Working to protect American agriculture is no small task. On any given day the people at the United States Department of Agriculture’s (USDA) Animal and Plant Health Inspection Service (APHIS) work vigorously to protect livestock, fruits, vegetables and other commodities from pests and diseases. During the spring of 2011, I served as a legislative intern for APHIS’ Office of Legislative and Public Affairs (LPA). Working in LPA, I helped APHIS’ efforts to safeguard the health and viability of America’s agriculture and natural resources by ensuring effective communication with Congress, the States, industry and stakeholders.
As a legislative intern, my responsibilities included responding to congressional inquiries, tracking legislation and doing policy analysis of potential new legislation. Additionally, I was able to learn the process for a national news rollout as LPA and worked to inform interested parties of new biotechnology regulatory decisions. Working with program staff to respond to congressional inquires honed my communication and problem solving skills. My constant exposure to Capitol Hill required me to have a deep understanding of the political climate, the legislative process and to quickly analyze complex issues. I really enjoyed working in LPA because every day would bring a different issue, a different inquiry or a different project. During my time at APHIS, I got to work on a wide variety of issue ranging from plant pests, like the Asian Longhorn Beetle, to animal disease traceability. Thanks to the exposure and mentorship from the LPA staff, I was able to secure a job as a federal government affairs analyst at Western Growers, an agriculture trade association. My experience at APHIS taught me more than any class or book could have ever done. It allowed me to apply my skills learned in the classroom to real life.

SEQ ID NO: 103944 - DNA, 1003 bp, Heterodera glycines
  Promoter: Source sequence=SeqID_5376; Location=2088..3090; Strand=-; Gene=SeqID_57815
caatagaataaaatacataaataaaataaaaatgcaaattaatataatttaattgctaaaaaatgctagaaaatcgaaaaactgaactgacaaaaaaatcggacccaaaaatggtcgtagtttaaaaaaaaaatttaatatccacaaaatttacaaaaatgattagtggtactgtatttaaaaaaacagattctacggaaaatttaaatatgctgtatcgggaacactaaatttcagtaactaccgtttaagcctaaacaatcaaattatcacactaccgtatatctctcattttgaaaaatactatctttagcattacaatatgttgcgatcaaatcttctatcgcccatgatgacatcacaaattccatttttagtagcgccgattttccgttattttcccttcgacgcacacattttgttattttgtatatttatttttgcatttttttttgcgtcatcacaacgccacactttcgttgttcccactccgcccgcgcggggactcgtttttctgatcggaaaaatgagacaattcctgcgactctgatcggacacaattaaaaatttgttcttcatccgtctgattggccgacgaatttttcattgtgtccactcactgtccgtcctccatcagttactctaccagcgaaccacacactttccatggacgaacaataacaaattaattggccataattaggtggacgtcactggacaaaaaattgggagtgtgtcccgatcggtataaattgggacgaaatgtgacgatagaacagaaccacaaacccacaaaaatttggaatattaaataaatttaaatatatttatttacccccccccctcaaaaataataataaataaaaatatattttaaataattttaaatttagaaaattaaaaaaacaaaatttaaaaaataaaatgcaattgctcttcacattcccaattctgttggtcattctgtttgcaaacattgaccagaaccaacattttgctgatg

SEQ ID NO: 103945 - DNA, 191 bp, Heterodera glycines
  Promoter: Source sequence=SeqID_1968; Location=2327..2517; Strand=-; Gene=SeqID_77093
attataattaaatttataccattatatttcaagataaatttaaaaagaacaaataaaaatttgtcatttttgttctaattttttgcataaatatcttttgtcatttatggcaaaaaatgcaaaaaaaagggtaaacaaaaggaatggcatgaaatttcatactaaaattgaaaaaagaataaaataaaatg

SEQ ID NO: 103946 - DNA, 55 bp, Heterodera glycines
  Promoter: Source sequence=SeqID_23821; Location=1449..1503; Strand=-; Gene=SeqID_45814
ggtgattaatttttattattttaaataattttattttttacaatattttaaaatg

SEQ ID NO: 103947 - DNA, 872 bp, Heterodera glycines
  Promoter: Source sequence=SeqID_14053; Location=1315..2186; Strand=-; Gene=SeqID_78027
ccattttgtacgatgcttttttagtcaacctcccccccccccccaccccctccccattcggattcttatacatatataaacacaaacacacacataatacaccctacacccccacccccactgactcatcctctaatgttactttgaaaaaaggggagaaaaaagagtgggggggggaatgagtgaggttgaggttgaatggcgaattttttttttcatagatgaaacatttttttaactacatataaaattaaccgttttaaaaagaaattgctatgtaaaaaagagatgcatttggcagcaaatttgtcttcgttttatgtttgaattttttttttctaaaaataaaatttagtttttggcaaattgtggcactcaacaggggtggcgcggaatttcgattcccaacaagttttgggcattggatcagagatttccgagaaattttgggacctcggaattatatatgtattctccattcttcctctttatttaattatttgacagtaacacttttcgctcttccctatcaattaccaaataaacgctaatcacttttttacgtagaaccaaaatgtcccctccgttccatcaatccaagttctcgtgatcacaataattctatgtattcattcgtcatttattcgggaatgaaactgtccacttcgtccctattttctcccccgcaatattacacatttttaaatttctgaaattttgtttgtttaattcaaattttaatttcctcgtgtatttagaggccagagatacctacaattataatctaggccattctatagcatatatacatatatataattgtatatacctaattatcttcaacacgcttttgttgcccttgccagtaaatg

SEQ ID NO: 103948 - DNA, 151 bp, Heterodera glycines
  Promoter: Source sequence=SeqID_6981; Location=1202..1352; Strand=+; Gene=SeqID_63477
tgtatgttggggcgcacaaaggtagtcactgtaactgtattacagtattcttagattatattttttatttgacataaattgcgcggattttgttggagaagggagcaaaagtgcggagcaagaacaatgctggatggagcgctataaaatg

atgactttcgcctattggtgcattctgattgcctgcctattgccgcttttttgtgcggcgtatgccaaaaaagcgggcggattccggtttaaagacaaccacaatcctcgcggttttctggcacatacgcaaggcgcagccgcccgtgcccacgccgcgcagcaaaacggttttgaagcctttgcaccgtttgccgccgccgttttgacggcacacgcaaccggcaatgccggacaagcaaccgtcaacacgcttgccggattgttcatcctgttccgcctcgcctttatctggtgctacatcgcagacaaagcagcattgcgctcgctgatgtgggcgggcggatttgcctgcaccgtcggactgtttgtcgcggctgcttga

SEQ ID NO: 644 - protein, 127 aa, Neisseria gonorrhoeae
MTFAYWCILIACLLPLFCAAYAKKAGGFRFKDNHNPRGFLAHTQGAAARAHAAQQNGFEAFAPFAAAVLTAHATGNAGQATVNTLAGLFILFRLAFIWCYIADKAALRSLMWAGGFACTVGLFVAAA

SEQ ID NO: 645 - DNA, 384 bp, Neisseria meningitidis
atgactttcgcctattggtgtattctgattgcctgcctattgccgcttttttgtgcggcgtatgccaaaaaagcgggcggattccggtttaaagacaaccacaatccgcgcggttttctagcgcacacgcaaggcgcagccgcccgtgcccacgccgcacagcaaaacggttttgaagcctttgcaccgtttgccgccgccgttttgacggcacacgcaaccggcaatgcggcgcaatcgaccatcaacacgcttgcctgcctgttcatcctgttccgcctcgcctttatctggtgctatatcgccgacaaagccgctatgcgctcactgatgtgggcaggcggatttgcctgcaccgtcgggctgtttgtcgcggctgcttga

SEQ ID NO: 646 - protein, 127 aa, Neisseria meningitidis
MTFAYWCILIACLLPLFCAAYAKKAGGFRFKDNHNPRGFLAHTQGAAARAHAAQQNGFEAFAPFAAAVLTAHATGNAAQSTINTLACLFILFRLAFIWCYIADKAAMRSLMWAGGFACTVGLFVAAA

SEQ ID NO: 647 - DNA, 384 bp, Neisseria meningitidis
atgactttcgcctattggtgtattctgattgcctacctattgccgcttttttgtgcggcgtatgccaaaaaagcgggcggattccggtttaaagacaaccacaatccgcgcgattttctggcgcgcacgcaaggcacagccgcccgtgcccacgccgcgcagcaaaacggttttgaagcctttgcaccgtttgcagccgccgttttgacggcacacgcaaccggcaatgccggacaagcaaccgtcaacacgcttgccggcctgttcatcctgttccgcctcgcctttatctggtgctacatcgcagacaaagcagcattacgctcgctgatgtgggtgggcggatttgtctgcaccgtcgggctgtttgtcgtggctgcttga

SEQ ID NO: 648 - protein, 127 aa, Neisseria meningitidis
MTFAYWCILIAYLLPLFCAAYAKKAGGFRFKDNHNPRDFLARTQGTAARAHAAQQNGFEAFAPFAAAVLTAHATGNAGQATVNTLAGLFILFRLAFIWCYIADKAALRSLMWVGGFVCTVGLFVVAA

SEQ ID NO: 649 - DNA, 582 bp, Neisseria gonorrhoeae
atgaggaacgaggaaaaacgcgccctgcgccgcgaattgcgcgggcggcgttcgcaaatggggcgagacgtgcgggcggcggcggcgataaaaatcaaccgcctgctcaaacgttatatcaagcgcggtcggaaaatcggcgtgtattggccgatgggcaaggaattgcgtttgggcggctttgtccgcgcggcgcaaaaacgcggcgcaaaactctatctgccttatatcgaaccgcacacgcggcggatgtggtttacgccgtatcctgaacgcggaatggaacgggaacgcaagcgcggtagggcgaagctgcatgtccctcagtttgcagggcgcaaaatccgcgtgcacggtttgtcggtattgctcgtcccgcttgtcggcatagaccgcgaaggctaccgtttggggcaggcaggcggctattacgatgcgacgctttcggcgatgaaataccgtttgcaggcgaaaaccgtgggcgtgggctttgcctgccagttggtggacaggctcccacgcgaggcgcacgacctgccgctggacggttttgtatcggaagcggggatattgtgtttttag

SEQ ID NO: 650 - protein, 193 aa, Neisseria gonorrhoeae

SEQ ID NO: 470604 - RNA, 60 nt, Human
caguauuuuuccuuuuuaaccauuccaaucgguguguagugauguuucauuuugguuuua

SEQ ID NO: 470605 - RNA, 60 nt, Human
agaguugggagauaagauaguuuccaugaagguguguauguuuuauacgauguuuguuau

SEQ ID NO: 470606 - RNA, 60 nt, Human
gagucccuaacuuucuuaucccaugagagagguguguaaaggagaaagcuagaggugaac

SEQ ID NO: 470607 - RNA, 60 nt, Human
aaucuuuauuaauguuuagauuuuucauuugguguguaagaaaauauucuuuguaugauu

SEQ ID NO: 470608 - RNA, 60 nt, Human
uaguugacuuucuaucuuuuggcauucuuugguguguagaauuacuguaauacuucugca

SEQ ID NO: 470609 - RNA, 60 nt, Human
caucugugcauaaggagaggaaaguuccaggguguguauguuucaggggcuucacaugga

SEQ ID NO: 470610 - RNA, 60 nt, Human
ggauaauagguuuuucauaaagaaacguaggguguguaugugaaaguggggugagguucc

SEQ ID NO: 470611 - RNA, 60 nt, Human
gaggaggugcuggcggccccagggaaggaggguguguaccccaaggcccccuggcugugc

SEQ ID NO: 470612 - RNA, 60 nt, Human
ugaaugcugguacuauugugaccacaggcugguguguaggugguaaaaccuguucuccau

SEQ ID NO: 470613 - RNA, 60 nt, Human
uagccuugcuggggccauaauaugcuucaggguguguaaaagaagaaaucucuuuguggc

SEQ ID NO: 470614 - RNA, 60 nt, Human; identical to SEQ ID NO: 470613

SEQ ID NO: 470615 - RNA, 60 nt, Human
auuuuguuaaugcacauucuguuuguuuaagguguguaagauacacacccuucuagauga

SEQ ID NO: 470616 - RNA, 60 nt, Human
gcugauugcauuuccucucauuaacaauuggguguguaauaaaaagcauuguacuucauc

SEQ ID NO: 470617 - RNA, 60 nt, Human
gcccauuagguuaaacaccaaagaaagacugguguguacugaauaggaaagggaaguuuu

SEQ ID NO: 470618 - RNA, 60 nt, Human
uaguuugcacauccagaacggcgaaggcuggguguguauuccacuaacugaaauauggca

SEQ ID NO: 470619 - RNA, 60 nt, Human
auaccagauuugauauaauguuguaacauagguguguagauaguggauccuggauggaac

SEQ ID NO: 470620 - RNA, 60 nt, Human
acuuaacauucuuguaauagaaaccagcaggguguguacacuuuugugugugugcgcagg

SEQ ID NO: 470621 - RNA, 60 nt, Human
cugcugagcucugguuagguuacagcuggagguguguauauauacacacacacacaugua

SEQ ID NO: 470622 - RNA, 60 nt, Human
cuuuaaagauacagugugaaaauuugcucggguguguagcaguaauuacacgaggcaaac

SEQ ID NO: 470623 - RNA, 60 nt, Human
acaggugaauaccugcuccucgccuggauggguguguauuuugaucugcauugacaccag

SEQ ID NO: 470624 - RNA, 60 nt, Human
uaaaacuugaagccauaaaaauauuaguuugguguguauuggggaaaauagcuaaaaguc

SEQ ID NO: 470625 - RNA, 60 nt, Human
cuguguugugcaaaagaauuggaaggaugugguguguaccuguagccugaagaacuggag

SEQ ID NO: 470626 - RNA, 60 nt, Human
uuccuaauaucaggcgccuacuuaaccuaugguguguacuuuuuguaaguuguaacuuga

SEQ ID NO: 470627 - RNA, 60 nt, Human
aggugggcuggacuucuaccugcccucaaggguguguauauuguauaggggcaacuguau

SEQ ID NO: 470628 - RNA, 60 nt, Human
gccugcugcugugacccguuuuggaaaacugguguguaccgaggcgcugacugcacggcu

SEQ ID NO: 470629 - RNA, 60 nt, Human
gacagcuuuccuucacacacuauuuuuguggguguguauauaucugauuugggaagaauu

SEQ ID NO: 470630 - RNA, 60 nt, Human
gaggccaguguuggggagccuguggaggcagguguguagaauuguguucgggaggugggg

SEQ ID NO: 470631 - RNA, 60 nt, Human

I strongly encourage anyone interested in public policy, political science or communications to get an internship at the USDA. I obtained my internship through the Hispanic Association of Colleges and Universities (HACU) National Internship Program (HNIP). HNIP has partnerships with several federal agencies, including the USDA, and places interns in various positions based on their interests and skills. In addition to HNIP, there are many programs out there for students to gain valuable, real life experience outside the classroom. I encourage everyone to look online and talk to their career centers to find internships.
For more information on USDA internships, scholarships, fellowships or recent graduate programs please click here.